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Wellbeing

Screen apnea is a thing - and it's making us more anxious

January 25th 2022 / Melanie Macleod / 0 comment

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Do you hold your breath when you scroll? Most of us do without realising when we're on our phones or checking emails. Here's how to know if you're doing it (and how to stop)

Do you ever find yourself unconsciously holding your breath when you’re writing an important email, sending a risky text or posting a picture on Instagram? You're not alone. So many of us find ourselves forgetting to breathe when we’re on our computers or phones that it’s been given a name: tech or screen apnea.

“Tech apnea is when you’re looking at your phone, particularly social media and you forget to breathe,” explains neuroscientist Dr Tara Swart. It's an issue because holding our breath or shallow breathing is a signal of stress for the body and puts our brain into the fight or flight mode. When you breathe this way, the vagus nerve which is attached to your diaphragm sends a message to your brain that there’s a threat and you should feel stressed, she explains.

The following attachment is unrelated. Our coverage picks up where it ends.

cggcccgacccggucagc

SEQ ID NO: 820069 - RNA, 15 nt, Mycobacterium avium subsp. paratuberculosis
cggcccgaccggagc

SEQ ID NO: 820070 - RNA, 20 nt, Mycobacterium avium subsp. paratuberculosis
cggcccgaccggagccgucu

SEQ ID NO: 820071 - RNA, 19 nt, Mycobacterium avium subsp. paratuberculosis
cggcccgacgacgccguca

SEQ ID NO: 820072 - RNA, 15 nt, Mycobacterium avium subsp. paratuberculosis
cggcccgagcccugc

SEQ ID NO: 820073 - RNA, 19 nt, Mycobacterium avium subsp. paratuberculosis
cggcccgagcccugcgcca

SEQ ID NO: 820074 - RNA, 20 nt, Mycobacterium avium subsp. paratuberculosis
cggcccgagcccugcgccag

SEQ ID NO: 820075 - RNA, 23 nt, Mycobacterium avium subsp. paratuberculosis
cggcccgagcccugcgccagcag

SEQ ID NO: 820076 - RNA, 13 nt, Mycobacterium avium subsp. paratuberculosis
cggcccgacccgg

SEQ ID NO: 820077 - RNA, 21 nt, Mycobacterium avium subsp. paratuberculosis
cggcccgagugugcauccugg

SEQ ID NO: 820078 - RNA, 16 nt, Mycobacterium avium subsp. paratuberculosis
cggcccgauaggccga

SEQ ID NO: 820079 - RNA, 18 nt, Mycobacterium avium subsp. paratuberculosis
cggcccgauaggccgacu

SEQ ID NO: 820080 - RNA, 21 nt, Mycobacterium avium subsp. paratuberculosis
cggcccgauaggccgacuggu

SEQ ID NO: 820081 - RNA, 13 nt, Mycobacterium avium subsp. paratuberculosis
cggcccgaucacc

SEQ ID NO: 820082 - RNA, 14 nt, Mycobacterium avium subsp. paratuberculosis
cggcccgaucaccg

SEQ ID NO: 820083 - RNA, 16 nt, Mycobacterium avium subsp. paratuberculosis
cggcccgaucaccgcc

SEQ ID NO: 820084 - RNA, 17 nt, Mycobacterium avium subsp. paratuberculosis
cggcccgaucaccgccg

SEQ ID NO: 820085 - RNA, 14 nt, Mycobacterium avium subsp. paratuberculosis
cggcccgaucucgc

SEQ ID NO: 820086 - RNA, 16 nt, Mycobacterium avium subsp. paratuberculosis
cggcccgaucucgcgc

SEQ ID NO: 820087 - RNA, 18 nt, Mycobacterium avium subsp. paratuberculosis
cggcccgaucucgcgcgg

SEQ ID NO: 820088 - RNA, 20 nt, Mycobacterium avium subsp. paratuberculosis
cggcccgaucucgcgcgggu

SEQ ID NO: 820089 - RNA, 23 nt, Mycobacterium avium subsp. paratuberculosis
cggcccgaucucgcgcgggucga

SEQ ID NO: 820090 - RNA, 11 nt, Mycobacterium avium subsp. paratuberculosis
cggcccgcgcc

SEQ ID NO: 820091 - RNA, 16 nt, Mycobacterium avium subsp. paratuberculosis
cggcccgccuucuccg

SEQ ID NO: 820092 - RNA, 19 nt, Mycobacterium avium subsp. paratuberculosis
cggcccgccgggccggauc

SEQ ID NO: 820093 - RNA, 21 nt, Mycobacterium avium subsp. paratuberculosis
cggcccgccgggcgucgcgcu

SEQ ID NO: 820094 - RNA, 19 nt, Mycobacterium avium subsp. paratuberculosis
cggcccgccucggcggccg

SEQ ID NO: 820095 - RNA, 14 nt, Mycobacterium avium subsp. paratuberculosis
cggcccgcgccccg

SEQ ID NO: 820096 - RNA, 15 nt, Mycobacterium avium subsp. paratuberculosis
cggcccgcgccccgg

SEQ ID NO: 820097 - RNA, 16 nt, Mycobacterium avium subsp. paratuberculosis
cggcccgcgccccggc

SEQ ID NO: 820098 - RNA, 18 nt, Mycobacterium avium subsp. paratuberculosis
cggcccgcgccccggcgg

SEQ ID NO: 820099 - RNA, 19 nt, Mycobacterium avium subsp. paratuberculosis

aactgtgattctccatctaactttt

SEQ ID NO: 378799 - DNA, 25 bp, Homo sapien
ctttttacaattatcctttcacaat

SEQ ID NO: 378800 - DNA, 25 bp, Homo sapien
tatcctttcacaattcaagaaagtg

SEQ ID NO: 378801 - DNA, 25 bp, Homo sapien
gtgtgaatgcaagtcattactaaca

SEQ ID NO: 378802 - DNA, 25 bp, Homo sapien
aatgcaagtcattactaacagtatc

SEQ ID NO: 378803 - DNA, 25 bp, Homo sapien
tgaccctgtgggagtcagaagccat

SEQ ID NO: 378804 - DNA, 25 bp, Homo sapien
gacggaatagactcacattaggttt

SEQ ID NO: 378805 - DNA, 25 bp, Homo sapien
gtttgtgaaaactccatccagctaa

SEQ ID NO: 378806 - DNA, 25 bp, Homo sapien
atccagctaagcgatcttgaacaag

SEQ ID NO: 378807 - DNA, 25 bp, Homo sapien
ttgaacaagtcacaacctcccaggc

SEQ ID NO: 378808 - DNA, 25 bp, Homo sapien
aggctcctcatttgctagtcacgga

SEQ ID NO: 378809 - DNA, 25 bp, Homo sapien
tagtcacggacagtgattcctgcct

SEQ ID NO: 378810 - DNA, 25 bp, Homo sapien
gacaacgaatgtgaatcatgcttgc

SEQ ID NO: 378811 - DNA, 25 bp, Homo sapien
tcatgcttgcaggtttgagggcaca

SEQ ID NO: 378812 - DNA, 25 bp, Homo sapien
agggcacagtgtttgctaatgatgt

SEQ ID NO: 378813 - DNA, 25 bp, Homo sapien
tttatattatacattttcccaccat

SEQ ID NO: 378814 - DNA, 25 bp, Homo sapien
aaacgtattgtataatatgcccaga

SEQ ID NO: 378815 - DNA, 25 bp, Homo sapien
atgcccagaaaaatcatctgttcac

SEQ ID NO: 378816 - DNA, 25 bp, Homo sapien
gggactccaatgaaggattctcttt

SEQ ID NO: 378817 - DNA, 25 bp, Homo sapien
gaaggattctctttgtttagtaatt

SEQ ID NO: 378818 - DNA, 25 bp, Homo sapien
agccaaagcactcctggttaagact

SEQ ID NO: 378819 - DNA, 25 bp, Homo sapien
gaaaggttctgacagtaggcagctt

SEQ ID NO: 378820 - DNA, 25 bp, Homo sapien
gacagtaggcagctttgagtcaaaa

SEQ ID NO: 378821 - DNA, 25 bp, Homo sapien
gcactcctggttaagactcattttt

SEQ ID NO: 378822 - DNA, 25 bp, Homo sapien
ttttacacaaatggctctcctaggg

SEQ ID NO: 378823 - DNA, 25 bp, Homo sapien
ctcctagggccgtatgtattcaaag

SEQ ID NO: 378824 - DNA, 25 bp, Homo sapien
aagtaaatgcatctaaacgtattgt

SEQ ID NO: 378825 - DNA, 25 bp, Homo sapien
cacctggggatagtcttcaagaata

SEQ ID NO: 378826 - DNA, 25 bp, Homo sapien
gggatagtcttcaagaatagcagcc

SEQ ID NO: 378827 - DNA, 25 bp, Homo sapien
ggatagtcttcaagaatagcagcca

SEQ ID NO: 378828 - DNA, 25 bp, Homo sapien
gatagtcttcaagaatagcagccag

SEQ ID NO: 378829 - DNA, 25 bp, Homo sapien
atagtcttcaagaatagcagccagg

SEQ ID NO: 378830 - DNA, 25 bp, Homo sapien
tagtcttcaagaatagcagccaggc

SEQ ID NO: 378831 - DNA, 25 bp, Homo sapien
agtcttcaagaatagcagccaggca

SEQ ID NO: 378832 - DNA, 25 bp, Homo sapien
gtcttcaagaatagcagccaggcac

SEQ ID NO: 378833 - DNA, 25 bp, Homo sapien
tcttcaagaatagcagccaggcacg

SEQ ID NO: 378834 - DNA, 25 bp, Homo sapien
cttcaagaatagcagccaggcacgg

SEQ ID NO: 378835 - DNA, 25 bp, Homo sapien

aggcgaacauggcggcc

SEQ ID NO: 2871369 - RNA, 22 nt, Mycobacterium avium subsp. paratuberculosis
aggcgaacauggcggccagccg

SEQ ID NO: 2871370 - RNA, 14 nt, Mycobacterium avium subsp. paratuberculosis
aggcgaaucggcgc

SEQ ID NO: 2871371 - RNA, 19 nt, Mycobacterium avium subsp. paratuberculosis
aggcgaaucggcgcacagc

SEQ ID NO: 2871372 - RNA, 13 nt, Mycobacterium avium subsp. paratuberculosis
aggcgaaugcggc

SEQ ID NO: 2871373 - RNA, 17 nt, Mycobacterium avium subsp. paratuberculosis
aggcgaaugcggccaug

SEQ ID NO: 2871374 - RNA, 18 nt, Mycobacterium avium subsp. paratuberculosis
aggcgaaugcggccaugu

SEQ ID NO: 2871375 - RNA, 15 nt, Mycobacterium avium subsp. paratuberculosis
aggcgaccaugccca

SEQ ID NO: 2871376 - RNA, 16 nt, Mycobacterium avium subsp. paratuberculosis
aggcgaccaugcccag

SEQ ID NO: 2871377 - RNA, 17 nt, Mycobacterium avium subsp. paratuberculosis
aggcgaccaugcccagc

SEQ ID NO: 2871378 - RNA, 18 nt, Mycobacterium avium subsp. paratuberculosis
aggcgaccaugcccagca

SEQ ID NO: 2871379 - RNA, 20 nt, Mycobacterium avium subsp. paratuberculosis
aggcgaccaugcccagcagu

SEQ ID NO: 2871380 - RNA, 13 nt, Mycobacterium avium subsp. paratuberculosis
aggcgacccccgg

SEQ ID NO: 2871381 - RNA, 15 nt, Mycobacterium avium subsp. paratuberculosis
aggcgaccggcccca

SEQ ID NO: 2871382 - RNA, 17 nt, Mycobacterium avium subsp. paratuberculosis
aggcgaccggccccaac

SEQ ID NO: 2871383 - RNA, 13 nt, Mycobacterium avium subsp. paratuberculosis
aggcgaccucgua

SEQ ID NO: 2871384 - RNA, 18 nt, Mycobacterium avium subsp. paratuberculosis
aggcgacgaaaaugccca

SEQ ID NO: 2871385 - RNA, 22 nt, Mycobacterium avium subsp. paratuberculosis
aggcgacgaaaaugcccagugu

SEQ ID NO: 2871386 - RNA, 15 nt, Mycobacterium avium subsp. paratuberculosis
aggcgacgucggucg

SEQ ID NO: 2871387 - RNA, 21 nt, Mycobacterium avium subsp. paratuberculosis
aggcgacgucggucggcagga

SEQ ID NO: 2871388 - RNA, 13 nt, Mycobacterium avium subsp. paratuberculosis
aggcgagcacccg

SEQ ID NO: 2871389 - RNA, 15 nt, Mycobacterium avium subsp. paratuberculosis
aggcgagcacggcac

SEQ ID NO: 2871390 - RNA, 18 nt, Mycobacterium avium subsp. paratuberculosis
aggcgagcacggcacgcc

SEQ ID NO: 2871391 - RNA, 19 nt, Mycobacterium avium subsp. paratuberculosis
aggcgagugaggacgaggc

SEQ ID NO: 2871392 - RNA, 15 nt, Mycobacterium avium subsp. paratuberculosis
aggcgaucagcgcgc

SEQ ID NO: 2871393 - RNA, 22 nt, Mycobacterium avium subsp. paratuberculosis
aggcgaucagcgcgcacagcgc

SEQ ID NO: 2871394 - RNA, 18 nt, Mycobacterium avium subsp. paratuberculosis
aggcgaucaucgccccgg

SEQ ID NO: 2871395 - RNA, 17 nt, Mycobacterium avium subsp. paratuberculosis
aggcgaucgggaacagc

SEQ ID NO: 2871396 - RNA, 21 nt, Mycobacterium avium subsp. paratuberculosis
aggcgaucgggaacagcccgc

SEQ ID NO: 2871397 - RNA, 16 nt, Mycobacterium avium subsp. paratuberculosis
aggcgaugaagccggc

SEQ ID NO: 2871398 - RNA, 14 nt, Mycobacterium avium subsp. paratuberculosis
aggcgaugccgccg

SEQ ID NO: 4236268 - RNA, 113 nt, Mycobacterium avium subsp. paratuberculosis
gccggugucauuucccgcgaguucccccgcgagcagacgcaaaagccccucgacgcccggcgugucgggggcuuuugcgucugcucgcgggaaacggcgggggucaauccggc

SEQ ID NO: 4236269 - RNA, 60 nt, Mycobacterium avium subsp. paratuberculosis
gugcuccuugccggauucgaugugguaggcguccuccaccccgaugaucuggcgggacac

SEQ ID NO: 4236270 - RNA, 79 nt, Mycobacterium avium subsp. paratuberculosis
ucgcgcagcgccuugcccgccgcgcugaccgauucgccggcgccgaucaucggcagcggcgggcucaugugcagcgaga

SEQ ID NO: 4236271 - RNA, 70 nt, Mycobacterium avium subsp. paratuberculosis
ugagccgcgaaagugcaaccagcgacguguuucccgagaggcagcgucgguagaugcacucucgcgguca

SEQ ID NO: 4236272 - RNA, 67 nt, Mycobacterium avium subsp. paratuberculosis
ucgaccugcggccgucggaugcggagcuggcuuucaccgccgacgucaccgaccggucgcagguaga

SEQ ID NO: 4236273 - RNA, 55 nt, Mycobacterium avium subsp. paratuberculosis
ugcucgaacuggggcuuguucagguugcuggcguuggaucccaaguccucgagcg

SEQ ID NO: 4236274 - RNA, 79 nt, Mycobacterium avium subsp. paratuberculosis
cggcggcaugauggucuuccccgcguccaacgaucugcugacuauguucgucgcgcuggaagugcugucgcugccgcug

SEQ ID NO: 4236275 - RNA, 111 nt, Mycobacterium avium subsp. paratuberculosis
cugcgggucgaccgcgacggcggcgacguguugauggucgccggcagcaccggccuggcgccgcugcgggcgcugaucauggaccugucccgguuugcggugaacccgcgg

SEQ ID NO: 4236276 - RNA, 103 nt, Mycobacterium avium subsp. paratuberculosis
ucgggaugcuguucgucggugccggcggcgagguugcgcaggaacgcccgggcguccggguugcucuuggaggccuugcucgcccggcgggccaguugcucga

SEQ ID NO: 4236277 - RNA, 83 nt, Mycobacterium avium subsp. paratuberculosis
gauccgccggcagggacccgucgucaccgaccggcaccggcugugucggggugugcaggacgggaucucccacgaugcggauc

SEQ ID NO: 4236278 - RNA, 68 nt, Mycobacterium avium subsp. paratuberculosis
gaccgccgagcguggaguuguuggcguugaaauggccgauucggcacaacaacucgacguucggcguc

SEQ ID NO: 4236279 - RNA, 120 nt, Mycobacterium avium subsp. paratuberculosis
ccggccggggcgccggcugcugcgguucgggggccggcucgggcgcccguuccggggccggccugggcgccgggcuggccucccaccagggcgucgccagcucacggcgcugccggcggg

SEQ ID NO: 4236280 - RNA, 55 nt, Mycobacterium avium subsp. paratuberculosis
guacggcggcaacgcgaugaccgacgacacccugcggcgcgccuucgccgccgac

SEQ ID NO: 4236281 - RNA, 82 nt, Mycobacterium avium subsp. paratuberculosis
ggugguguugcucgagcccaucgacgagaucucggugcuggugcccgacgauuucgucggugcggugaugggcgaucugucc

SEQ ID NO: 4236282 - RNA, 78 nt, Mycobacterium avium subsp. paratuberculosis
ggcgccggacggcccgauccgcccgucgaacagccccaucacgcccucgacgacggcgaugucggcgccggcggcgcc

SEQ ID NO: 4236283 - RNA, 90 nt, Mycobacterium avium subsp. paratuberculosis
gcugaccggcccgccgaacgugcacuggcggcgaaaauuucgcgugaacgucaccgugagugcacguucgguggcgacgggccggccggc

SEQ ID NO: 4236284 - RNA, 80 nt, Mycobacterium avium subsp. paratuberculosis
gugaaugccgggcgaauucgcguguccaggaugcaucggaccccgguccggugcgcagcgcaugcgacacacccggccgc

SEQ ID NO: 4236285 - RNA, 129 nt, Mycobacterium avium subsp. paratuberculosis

"Consistent unintentional breath-holding can cause the brain to believe it's on standby to deal with a real threat, causing us to feel unnecessarily anxious and stressed," writes breath coach Aimee Hartley in her book Breathe Well.